The folks at NASSCOM recently organised a two day roadshow in two cities, namely Pune and Bengaluru. The idea of hosting the same was address the perennial issue of indie game developers on how to best monetise their games in this overcrowded market.
The Pune seminar on 4 July witnessed a turnout of over 60 odd developers whereas; the Bengaluru seminar the following day on 5 July was well attended as well. The panelists included some of the heavyweights in the industry and a few newer faces.
With India standing on the threshold of becoming a global powerhouse in Games and Apps development, it is imperative to focus, deliberate and decide on the most important issue, the most important challenge “Monetization”. And the roadshow was conducted with this single focus in mind.
The mobile user base is ever increasing and data connectivity is unleashing some never before experienced opportunities to developers. There are various models of monetisation available for developers today, from the premium to freemium model, to from pay per use to ad-supported to model.
But are these able to address the needs of developers in a holistic manner? The sessions examined this from the perspective of stake-holders: Payment gateway, Carriers, Appstores, Ad Network, but above all else Developers. There were lively discussions, fruitful exchange of ideas and some really interesting takeaways.
Some of the distinguished members of the panel were: Sanjay Sinha, India Country Manager, Fortumo; Dhananjay Nath, Vodafone India Limited; Jeremy from 9Games.com; Rajesh Rao, CEO, Dhruva Interactive, Chair , NASSCOM Gaming Forum; Ankit Rawal, Head- Ad Sales-APAC, Inmobi; Anuj Tandon, Co-Founder, Rolocule and a couple of speakers from Pokkt.
The biggest issue that came to the fore was that it’s challenging for small & mid-size developers to become successful on a bigger scale. While larger organisations have a well-known brand, an existing user-base and resources to drive downloads, it is becoming increasingly difficult for smaller independent developers to be seen on overcrowded platforms like a Google Play with over 1 million available apps and counting.
Some of the key takeaways from the sessions were:
Use alternative app stores: Google Play has more than 1 million apps available and your application will have no visibility. Thus, smaller alternative app stores would best provide a chance of getting featured and be a good learning opportunity for improving one’s app before attempting to foray into the big bad world of Google Play.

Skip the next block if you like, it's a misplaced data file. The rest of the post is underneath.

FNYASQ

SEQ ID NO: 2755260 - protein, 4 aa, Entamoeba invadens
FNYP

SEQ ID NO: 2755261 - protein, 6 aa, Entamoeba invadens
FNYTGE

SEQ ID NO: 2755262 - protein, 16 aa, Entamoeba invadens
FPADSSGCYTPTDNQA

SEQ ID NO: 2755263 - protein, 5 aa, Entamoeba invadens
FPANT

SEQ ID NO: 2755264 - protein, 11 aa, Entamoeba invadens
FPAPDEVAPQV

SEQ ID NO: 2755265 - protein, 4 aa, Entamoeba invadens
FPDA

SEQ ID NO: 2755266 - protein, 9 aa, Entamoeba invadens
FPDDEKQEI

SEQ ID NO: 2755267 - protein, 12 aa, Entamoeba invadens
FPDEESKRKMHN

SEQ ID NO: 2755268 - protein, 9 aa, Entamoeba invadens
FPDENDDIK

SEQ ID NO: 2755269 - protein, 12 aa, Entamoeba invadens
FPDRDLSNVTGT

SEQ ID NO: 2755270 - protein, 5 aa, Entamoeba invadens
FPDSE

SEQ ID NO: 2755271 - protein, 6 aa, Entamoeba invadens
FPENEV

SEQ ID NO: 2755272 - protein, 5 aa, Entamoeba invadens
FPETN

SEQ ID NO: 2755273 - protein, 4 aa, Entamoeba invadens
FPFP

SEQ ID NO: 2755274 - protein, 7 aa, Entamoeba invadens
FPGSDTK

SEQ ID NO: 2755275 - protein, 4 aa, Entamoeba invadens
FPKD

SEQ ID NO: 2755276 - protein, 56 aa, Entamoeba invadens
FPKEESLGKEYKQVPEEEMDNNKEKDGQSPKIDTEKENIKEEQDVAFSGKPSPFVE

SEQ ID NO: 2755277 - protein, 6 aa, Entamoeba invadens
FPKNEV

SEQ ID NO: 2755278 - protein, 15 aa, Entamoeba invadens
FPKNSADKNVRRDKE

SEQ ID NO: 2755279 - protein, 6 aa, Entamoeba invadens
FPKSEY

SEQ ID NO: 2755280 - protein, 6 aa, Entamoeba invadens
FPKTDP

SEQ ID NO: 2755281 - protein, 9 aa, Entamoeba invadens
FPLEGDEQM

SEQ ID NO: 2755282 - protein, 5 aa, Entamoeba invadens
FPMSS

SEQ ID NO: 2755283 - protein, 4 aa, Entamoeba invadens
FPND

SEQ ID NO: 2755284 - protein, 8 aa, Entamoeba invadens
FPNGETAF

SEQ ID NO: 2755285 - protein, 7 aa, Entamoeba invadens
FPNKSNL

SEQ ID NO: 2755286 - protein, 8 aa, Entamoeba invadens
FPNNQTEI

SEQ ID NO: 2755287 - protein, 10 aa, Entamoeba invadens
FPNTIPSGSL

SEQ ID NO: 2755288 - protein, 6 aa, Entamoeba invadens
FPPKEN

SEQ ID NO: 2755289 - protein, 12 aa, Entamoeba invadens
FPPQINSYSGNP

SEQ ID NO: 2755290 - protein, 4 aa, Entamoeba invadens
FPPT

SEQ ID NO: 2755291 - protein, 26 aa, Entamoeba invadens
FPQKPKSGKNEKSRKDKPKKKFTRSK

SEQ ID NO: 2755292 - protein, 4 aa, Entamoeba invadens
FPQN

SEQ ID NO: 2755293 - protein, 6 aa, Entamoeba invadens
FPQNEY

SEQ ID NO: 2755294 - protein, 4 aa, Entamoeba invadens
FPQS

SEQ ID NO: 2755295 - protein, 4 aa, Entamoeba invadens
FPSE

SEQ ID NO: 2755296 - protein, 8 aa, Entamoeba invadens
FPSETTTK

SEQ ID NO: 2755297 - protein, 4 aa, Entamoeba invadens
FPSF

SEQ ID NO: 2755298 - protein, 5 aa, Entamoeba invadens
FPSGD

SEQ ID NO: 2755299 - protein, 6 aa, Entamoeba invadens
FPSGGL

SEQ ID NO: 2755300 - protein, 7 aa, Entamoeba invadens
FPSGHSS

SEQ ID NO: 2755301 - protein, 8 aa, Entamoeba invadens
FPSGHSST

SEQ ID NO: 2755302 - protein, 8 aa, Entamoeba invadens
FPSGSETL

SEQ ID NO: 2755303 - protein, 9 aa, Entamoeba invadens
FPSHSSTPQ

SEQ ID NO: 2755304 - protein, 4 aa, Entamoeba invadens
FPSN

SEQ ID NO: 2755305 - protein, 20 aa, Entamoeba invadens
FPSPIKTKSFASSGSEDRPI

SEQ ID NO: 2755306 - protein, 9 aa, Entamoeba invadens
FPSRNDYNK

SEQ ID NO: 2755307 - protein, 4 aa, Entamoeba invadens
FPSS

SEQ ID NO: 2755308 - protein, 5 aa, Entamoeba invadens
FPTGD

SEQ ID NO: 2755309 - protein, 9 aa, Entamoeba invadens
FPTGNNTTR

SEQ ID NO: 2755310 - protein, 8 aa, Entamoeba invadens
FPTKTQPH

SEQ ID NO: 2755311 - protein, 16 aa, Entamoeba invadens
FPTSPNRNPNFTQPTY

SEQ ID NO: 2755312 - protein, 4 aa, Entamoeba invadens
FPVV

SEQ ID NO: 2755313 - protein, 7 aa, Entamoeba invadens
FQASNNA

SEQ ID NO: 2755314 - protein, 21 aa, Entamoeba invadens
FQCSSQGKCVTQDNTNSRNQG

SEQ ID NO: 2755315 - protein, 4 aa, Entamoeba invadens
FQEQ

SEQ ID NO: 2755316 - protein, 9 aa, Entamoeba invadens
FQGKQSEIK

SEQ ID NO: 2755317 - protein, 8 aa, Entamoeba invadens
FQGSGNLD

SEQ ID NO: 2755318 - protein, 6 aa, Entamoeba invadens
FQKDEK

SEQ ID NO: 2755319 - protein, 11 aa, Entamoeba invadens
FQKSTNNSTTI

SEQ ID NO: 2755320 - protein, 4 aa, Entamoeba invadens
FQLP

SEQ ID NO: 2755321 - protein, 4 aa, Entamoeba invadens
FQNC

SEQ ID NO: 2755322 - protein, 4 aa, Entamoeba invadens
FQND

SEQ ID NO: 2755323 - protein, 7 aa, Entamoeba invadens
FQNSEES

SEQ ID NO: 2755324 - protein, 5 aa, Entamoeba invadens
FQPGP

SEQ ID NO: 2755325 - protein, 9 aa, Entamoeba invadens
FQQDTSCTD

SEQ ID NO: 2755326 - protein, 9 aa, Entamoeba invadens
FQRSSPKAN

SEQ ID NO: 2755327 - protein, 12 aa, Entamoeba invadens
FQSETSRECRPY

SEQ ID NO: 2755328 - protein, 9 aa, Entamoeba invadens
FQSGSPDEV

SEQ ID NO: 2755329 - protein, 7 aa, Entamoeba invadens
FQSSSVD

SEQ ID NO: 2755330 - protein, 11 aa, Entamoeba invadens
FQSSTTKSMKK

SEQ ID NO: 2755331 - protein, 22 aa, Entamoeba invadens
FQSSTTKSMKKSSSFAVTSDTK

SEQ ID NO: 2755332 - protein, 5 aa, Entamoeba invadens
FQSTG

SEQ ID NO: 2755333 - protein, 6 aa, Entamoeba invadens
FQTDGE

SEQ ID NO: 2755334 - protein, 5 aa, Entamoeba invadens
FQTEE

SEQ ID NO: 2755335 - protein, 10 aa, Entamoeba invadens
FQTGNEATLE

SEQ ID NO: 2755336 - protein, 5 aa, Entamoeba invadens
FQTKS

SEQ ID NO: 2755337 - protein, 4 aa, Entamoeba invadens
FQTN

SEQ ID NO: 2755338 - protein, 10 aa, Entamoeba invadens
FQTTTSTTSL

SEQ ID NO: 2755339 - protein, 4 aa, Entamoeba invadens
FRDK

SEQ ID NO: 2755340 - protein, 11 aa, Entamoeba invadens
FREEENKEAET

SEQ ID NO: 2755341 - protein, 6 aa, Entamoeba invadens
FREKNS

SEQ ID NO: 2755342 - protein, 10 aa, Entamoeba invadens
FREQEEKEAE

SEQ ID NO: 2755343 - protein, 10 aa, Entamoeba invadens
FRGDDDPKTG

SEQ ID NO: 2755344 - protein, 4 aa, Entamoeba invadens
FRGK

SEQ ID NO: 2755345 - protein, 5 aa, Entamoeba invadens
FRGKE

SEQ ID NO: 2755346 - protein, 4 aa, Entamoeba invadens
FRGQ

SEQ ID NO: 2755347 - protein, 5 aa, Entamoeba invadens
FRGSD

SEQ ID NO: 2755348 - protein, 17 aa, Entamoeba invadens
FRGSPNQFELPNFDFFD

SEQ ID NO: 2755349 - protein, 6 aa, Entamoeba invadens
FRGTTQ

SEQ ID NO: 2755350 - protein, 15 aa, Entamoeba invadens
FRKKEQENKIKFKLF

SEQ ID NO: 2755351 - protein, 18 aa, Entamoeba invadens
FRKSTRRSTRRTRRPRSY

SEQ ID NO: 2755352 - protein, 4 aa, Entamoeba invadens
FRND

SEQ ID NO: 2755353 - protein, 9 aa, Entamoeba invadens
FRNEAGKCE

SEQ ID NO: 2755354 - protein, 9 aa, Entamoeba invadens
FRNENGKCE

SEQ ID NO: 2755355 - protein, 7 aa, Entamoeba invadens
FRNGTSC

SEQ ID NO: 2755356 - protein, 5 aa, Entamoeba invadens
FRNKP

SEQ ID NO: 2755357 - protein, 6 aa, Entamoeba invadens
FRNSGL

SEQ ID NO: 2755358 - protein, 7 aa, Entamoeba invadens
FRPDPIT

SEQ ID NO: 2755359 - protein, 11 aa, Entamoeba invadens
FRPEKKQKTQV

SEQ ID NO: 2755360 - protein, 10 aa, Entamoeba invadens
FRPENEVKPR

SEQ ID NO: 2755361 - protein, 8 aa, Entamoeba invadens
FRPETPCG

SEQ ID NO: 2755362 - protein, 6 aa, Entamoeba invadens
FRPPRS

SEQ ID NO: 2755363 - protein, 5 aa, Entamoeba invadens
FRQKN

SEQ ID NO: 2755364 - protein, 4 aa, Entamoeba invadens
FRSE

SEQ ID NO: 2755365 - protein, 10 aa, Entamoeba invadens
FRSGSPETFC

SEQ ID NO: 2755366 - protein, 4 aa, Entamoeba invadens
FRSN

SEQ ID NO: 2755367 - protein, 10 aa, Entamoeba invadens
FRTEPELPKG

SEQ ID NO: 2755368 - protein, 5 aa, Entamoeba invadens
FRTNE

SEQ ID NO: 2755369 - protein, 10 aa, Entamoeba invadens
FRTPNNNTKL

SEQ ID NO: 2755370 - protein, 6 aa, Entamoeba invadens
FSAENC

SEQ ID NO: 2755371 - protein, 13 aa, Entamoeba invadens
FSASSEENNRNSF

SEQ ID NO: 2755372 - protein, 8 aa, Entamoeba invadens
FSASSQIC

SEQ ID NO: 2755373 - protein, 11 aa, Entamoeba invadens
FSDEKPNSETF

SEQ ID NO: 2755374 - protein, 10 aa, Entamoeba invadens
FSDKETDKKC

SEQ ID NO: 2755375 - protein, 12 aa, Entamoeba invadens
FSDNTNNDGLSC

Publish on other platforms: Both Android and iOS are overcrowded and user acquisition is more expensive than ever. Windows as a platform is on the rise and it’s easier to identify an app category where it can stand a better chance.
Think global: The idea is to develop local games with a global outlook. One can be care free when launching an app on the global space, as there is no baggage attached with the developer. But, there is the danger of getting stuck in the local mindset if the app is an established franchise in the Indian market (which is the case with many local developers). Emerging markets like Thailand, Turkey and Brazil have significantly higher user spending and competition is much lesser than in North America or Western Europe.
User is god: Whether one plans to rely on an in-app purchasing model or advertising for generating revenues, but one can’t do this before one has a good number of downloads and a strong user base. It is very important to track user retention on a daily, weekly and monthly basis as well.
Kudos to NASSCOM, on once again getting some of the major stakeholders together and addressing a very key issue like monetisation. AnimationXpress.com will keep you posted on many such industry initiatives in the coming days as well. Stay Tuned!